34 Best Android Libraries to Reduce Your App Development Time

    Key Takeaways

  • LiveData, ViewModel, Android Databinding, Pager2, and Navigation are some of the best Android libraries.
  • Consider libraries with active community support and regular updates to ensure compatibility with the latest Android versions and technologies.

Android libraries are being developed by the whole community of developers, so there is no need to build the specific components from scratch. developing a high-end Android application requires strong familiarity with tools, application/UI components, a set of libraries, and Android development IDEs. Also, using the best practices of Android app development libraries can make a win-win situation for you.

In this blog, we have compiled a list of the 34 best Android libraries. Use these libraries to make your sample project or next Android app development project hassle-free and complete in less time. Now let’s get started.

26 Best Android Libraries for Developers

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To help you to develop better mobile apps in terms of performance and user experience., we have added the 26 best Android libraries. Have a look.

  1. LiveData

    When the underlying data changes, LiveData directly notifies Observer objects. So that you can consolidate your code to update the UI in these Observer objects. You don’t require to update the UI as per the data changes because the observer will do that task for you without memory leaks.

    The observer does not receive any LiveData events if its lifecycle is dormant, such as in the case of a back stack activity.

  2. ViewModel

    To store and manage UI-related data according to the lifecycle, the ViewModel library is utilized. Data can survive configuration changes like screen rotations, thanks to the ViewModel class.

    ViewModel manages the lifecycle of UI controllers including fragments and activities. In case of certain actions, the framework can re-create or permanently remove device events and user actions, this event will dynamically and will not be in your control.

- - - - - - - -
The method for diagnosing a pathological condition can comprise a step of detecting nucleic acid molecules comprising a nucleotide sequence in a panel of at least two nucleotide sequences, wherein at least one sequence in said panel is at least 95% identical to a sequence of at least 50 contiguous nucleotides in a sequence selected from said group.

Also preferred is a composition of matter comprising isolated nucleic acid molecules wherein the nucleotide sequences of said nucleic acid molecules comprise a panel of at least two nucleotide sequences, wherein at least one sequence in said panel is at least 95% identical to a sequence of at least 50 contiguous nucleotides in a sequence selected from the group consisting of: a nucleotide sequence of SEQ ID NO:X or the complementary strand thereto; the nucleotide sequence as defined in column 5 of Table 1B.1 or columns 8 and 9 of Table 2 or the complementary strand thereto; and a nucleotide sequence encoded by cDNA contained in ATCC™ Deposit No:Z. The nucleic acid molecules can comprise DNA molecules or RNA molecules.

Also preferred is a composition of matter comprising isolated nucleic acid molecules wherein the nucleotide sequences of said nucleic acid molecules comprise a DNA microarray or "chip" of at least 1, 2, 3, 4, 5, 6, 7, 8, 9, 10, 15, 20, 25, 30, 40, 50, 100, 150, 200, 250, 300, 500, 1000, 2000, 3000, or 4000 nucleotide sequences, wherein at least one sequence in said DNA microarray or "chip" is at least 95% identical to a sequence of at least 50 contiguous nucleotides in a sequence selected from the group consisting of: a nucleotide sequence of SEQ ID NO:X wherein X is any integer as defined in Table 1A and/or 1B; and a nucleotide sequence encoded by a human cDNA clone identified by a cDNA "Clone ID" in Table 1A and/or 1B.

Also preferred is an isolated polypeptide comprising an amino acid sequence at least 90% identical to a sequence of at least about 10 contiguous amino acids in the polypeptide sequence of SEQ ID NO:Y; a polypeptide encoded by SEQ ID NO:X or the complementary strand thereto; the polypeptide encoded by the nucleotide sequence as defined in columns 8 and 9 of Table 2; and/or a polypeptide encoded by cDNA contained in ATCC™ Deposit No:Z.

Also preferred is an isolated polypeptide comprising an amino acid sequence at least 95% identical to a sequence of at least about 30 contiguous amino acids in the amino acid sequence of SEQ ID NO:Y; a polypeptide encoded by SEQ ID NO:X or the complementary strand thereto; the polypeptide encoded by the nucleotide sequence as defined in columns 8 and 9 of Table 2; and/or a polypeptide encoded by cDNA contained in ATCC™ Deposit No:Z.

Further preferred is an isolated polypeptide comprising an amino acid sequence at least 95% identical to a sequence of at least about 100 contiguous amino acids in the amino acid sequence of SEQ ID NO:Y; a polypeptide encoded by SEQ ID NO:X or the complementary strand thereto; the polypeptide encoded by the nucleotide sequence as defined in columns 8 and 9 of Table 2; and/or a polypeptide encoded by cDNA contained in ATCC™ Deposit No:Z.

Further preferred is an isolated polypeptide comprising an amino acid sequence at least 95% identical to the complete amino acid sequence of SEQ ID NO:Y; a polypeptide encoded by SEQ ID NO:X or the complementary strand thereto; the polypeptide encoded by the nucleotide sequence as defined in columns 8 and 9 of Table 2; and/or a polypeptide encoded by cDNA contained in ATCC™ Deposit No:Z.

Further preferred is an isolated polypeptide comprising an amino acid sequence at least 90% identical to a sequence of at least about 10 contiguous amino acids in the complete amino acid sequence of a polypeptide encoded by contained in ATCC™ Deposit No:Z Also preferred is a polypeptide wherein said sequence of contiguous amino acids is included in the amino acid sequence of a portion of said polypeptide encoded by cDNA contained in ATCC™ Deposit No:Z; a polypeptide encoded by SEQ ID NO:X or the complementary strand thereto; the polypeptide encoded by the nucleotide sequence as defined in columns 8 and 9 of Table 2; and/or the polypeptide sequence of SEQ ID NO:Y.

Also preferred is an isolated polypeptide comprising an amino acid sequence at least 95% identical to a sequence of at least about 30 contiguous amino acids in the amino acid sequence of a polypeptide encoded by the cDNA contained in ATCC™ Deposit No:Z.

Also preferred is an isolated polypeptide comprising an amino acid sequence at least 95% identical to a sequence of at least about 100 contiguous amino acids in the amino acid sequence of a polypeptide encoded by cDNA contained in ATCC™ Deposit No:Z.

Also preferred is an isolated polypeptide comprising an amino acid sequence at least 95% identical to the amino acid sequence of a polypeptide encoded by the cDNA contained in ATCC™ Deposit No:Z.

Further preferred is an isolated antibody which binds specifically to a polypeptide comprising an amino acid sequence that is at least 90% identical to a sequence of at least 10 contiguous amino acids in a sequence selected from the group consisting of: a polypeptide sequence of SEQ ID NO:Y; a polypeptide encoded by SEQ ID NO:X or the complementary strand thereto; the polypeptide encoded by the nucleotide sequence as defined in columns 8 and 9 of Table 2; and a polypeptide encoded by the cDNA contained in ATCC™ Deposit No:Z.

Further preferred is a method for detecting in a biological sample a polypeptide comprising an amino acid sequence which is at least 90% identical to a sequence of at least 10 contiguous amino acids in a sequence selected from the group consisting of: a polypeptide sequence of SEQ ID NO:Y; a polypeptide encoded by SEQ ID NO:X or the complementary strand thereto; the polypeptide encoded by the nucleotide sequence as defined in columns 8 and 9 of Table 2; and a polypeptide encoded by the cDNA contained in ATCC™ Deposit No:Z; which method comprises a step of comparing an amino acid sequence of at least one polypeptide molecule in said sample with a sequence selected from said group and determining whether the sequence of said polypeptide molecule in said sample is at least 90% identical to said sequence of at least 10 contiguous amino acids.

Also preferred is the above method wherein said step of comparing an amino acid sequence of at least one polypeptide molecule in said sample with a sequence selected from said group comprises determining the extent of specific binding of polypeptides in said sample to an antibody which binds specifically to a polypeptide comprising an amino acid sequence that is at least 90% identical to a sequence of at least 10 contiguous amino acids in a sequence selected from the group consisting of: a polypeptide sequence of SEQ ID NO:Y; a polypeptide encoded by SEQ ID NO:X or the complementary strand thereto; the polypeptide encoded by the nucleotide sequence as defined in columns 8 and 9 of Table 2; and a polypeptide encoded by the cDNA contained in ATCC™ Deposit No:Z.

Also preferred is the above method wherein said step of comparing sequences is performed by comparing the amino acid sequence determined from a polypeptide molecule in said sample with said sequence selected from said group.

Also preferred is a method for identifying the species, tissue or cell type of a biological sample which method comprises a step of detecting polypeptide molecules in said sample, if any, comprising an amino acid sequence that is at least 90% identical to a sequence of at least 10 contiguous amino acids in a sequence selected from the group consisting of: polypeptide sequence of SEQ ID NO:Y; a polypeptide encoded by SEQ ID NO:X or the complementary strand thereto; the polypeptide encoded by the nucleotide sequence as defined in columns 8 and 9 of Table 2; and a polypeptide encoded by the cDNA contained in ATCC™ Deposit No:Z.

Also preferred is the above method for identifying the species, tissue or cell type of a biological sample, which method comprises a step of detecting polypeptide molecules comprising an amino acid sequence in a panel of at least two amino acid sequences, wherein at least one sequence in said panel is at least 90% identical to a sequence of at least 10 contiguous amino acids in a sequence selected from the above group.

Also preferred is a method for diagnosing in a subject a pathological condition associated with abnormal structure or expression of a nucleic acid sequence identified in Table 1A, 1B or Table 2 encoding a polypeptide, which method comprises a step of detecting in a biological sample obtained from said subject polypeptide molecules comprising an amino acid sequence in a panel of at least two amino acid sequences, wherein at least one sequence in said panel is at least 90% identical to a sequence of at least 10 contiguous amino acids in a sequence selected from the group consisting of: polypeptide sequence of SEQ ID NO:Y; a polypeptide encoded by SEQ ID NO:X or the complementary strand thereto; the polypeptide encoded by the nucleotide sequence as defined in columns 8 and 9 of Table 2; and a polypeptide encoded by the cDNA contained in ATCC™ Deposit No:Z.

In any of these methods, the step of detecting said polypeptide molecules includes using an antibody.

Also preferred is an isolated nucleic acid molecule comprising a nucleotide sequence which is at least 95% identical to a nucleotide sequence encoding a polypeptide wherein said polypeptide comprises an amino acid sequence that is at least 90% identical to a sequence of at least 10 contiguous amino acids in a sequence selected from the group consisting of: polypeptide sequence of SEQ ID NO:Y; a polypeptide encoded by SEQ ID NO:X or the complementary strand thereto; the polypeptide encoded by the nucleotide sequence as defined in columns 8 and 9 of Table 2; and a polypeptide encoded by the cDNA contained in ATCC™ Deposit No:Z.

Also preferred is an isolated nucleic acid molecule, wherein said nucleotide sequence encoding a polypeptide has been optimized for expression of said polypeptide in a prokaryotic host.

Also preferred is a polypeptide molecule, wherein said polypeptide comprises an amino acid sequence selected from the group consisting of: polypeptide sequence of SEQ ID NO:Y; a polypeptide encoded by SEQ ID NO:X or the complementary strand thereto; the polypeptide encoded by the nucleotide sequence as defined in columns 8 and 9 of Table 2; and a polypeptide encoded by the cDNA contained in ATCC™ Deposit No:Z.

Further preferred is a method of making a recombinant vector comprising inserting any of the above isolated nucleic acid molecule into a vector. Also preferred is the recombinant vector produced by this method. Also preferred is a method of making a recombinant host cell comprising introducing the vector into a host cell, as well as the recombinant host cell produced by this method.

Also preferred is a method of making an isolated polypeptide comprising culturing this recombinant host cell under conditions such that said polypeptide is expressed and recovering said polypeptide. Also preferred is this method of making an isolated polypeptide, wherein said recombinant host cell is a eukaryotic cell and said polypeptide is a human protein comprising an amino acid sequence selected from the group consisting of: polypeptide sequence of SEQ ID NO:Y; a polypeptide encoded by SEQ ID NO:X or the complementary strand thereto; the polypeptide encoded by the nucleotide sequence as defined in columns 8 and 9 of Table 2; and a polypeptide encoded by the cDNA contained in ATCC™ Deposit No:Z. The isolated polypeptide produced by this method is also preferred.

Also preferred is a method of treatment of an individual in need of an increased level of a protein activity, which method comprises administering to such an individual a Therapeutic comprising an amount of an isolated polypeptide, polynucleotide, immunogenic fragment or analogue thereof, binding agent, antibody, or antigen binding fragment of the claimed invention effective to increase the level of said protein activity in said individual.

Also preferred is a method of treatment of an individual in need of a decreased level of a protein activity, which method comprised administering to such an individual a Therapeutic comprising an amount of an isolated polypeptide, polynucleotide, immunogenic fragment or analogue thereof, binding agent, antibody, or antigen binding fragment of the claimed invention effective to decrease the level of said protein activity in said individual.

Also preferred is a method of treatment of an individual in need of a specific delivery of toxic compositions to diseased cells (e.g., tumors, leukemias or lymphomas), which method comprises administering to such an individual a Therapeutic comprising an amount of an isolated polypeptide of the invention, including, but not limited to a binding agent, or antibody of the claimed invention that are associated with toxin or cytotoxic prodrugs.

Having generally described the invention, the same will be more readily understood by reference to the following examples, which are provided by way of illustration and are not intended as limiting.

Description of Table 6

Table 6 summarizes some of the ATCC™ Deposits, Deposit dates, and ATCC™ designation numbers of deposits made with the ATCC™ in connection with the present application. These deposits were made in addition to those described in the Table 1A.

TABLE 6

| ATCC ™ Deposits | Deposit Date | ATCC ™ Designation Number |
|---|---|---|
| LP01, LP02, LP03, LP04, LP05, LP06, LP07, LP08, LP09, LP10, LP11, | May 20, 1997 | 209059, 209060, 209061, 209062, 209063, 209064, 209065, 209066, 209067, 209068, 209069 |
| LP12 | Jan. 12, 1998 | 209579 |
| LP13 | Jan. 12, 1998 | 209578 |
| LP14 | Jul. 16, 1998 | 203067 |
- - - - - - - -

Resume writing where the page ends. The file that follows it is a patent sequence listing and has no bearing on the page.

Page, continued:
3. Android DataBinding

  4. The Android databinding library is a support library that lets you use a declarative style instead of programming to connect UI components in your layouts to data sources in your apps. Layouts are frequently defined in activities by using UI framework functions with code.

    For example, the code below uses findViewById() to locate a TextView widget and link it to the viewModel variable’s userName property:

    TextView textView = findViewById(R.id.sample_text);


  5. Pager2

    Viewpager2 is an enhanced version of Viewpager. The library was released by search engine giant Google on February 07, 2009. Recyclerview is the essential feature of Viewpager2, which is not available in the first version of Viewpager.

    The Viewpager2 allows you to add items dynamically. Also, if you have a better understanding of RecyclerView, then it will be easier for you to apply ViewPager2.

  6. Navigation

    Navigation is known as a framework to easily move between destinations within the Android app. Only by using Navigation Library, it is easier to create navigation in your Android app. However, it only works with an app that offers a proper API regardless of the destination implementation.

    To utilize this component in your app, add Activities, Fragments, or other components as well. Add the Google Maven repository to add dependencies on Navigation.

  7. Koin

    Navigation is known as a framework to easily move between destinations within the Android app. Using Navigation Library makes it easier to create navigation in your Android app. However, it only works with an app that offers a proper API regardless of the destination implementation.

    To utilize this component in your app, add Activities, Fragments, or other components as well. Add the Google Maven repository to add dependencies on Navigation.

  8. Hilt

    Hilt, famously known as the dependency injection library, helps decrease the boilerplate of performing manual dependency injection in your Android project. Performing manual dependency injection needs the construction of each class and its dependencies. Also, the containers will help to reuse and organize dependencies.